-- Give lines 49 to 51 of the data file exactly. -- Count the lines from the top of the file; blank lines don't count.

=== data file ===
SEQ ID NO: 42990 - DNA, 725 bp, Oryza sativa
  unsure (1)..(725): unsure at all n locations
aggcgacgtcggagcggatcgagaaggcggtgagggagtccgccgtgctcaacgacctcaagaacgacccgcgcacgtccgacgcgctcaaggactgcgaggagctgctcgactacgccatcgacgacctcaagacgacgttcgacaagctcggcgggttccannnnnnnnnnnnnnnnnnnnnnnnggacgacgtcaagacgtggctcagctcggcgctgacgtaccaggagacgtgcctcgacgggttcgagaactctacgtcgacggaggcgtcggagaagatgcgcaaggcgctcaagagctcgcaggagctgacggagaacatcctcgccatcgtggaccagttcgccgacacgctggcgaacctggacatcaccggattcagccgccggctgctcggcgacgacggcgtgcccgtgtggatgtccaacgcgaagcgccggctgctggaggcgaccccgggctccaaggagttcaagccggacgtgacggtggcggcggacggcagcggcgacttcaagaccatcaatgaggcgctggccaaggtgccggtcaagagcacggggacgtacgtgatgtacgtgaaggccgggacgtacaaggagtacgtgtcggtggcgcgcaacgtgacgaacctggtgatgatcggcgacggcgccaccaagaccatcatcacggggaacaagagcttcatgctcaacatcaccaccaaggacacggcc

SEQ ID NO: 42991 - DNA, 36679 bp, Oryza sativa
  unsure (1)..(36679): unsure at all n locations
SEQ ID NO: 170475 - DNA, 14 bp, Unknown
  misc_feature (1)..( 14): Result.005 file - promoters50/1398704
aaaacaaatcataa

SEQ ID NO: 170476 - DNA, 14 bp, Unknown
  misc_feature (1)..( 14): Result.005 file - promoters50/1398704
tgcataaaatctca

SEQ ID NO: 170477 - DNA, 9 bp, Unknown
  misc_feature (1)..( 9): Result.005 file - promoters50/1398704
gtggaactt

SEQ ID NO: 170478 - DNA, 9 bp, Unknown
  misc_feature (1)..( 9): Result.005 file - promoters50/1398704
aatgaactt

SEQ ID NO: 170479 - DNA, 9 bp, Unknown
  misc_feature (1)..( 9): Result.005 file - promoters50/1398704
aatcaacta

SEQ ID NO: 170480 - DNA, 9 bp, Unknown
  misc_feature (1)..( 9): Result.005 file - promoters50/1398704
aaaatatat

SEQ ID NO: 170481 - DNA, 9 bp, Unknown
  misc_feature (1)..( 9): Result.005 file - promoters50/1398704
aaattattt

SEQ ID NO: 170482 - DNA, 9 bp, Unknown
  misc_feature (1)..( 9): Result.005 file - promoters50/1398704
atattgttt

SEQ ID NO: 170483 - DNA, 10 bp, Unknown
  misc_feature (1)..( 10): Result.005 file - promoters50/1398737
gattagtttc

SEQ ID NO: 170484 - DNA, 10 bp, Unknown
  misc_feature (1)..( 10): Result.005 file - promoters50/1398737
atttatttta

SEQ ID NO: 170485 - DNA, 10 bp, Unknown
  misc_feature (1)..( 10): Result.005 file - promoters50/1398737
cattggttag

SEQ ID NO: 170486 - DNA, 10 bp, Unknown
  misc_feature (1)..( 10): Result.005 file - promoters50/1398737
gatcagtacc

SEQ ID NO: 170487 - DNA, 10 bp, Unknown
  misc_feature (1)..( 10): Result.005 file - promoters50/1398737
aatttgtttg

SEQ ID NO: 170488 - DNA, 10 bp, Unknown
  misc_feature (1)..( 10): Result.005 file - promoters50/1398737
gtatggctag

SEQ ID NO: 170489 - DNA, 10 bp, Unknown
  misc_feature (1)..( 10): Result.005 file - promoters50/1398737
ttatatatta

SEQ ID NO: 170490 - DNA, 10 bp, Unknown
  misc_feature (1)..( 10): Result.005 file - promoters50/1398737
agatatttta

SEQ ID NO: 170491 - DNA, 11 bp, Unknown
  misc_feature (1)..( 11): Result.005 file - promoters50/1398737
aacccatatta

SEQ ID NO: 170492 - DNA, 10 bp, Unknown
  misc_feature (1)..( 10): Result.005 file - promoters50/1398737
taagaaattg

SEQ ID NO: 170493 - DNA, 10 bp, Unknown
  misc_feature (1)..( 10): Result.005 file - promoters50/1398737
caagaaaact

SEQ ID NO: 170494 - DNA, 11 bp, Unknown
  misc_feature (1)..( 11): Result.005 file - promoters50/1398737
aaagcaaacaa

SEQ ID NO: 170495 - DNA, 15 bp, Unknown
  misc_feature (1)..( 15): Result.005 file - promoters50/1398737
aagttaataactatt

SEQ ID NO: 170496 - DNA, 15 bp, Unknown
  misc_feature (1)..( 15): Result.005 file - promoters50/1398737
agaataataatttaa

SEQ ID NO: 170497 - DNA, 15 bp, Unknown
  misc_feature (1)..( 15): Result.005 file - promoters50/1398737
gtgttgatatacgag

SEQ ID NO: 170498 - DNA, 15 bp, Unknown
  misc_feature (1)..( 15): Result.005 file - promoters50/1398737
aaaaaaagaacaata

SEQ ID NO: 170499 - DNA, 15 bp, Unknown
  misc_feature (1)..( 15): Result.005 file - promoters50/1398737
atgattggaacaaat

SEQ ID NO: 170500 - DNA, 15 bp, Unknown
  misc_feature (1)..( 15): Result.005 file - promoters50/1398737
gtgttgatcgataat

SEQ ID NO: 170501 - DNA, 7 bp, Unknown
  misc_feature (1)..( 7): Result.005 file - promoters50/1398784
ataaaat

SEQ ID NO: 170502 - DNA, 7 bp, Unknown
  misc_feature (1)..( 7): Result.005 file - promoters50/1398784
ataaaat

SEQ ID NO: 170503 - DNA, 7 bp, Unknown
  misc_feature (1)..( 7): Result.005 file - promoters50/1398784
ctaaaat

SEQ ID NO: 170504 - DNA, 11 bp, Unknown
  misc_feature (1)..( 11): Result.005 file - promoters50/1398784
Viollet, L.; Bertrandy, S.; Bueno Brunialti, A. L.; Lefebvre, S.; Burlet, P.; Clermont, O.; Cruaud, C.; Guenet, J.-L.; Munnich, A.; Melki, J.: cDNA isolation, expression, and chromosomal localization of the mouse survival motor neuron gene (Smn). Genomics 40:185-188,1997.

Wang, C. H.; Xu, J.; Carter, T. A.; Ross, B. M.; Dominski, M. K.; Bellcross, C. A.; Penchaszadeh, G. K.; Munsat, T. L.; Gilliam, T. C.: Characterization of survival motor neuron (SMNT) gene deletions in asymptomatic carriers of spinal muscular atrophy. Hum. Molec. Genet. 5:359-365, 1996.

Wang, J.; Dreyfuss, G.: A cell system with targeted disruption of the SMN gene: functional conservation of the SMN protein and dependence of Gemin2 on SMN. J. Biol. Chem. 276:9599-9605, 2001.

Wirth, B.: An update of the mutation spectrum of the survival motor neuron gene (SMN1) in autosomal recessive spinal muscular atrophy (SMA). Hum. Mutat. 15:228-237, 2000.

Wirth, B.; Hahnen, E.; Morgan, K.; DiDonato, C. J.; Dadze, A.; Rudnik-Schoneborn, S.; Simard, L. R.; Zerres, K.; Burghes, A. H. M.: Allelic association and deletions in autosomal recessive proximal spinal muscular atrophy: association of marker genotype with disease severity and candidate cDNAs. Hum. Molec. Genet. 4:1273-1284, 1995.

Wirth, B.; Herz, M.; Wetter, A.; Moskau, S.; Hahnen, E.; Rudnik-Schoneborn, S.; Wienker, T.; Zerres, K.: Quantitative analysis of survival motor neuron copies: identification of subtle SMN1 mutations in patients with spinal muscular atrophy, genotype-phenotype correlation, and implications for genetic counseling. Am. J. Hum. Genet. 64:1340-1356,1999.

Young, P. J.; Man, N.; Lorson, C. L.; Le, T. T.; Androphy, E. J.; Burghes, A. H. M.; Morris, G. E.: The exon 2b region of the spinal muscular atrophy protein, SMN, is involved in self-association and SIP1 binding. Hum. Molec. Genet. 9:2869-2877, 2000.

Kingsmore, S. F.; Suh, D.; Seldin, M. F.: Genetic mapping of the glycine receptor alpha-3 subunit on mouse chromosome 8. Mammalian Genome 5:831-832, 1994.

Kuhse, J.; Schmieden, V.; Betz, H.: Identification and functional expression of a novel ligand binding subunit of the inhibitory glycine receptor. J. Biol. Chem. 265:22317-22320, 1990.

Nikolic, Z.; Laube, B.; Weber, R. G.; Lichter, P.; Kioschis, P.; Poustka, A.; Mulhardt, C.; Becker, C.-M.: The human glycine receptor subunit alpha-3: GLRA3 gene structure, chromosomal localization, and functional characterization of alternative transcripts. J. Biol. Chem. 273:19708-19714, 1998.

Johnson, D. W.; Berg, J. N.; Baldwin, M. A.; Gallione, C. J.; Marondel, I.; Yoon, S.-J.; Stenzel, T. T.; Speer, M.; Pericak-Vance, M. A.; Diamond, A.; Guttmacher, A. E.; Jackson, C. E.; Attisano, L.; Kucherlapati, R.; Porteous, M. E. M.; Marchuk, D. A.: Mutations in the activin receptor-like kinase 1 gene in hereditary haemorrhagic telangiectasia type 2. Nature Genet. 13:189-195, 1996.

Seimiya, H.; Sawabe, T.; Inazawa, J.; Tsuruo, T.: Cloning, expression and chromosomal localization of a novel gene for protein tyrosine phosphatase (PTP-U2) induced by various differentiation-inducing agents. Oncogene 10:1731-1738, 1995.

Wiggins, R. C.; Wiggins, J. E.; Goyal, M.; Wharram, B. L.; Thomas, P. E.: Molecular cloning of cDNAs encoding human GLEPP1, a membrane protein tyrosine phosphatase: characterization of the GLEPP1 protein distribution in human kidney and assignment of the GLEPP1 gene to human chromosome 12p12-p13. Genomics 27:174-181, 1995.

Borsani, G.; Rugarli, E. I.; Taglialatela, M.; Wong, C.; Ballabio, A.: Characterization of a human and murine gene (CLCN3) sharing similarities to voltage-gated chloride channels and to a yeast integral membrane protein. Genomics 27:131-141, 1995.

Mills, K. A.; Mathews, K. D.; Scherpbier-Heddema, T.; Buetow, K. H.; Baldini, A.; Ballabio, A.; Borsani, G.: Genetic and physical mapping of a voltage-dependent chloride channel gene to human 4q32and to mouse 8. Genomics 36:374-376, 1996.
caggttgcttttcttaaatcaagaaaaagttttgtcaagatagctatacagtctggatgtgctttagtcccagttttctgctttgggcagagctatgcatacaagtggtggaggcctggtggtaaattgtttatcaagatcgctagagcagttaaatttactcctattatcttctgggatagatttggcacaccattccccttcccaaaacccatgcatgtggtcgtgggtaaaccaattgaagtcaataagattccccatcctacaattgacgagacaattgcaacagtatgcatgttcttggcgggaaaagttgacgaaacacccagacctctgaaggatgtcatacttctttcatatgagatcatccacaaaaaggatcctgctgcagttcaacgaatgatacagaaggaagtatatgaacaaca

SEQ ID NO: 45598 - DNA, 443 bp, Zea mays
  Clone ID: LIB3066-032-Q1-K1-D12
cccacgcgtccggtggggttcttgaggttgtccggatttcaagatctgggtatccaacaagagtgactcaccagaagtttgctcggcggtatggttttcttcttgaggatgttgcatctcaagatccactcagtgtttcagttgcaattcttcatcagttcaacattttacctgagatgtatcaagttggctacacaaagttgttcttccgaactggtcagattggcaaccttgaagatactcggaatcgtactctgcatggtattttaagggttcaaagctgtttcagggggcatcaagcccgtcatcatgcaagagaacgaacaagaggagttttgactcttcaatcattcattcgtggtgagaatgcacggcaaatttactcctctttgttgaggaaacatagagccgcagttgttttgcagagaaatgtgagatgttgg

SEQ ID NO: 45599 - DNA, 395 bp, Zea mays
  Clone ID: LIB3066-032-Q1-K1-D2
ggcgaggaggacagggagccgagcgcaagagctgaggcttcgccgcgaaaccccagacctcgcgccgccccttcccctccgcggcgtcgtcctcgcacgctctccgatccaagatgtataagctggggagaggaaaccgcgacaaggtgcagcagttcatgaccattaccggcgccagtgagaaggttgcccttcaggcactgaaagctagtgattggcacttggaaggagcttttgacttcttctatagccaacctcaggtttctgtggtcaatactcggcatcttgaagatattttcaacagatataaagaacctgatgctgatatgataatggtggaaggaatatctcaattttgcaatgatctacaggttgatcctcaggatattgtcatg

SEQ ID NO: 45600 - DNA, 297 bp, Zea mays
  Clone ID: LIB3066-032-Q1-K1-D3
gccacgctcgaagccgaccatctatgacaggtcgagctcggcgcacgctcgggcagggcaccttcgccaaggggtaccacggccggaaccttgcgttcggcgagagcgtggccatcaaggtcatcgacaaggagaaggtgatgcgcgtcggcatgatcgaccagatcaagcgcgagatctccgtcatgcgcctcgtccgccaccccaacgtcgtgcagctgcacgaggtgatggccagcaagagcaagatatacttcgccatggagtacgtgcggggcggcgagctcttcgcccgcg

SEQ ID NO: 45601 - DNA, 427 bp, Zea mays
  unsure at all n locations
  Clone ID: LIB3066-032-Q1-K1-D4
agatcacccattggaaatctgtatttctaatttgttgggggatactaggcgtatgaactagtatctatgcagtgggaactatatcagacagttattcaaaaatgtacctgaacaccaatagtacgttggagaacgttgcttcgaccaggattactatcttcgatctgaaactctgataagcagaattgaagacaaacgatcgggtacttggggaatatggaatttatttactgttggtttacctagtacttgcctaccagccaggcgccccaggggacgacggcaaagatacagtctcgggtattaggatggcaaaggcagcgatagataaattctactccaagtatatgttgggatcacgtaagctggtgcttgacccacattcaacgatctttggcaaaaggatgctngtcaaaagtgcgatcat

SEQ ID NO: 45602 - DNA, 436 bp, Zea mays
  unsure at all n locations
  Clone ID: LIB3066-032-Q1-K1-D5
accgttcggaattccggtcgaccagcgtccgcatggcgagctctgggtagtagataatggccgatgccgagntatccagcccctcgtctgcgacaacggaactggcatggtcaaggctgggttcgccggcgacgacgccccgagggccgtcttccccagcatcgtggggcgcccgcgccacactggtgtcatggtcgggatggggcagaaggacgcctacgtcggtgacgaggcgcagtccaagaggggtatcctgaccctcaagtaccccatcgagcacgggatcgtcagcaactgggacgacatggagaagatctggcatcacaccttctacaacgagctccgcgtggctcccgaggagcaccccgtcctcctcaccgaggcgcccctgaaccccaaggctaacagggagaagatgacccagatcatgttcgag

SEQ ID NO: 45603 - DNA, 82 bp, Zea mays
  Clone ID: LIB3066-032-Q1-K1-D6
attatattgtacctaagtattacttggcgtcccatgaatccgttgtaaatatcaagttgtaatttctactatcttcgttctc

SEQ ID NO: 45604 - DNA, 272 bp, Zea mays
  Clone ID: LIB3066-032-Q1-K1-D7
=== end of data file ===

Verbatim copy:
  misc_feature (1)..( 10): Result.005 file - promoters50/1398737
ttatatatta

SEQ ID NO: 170490 - DNA, 10 bp, Unknown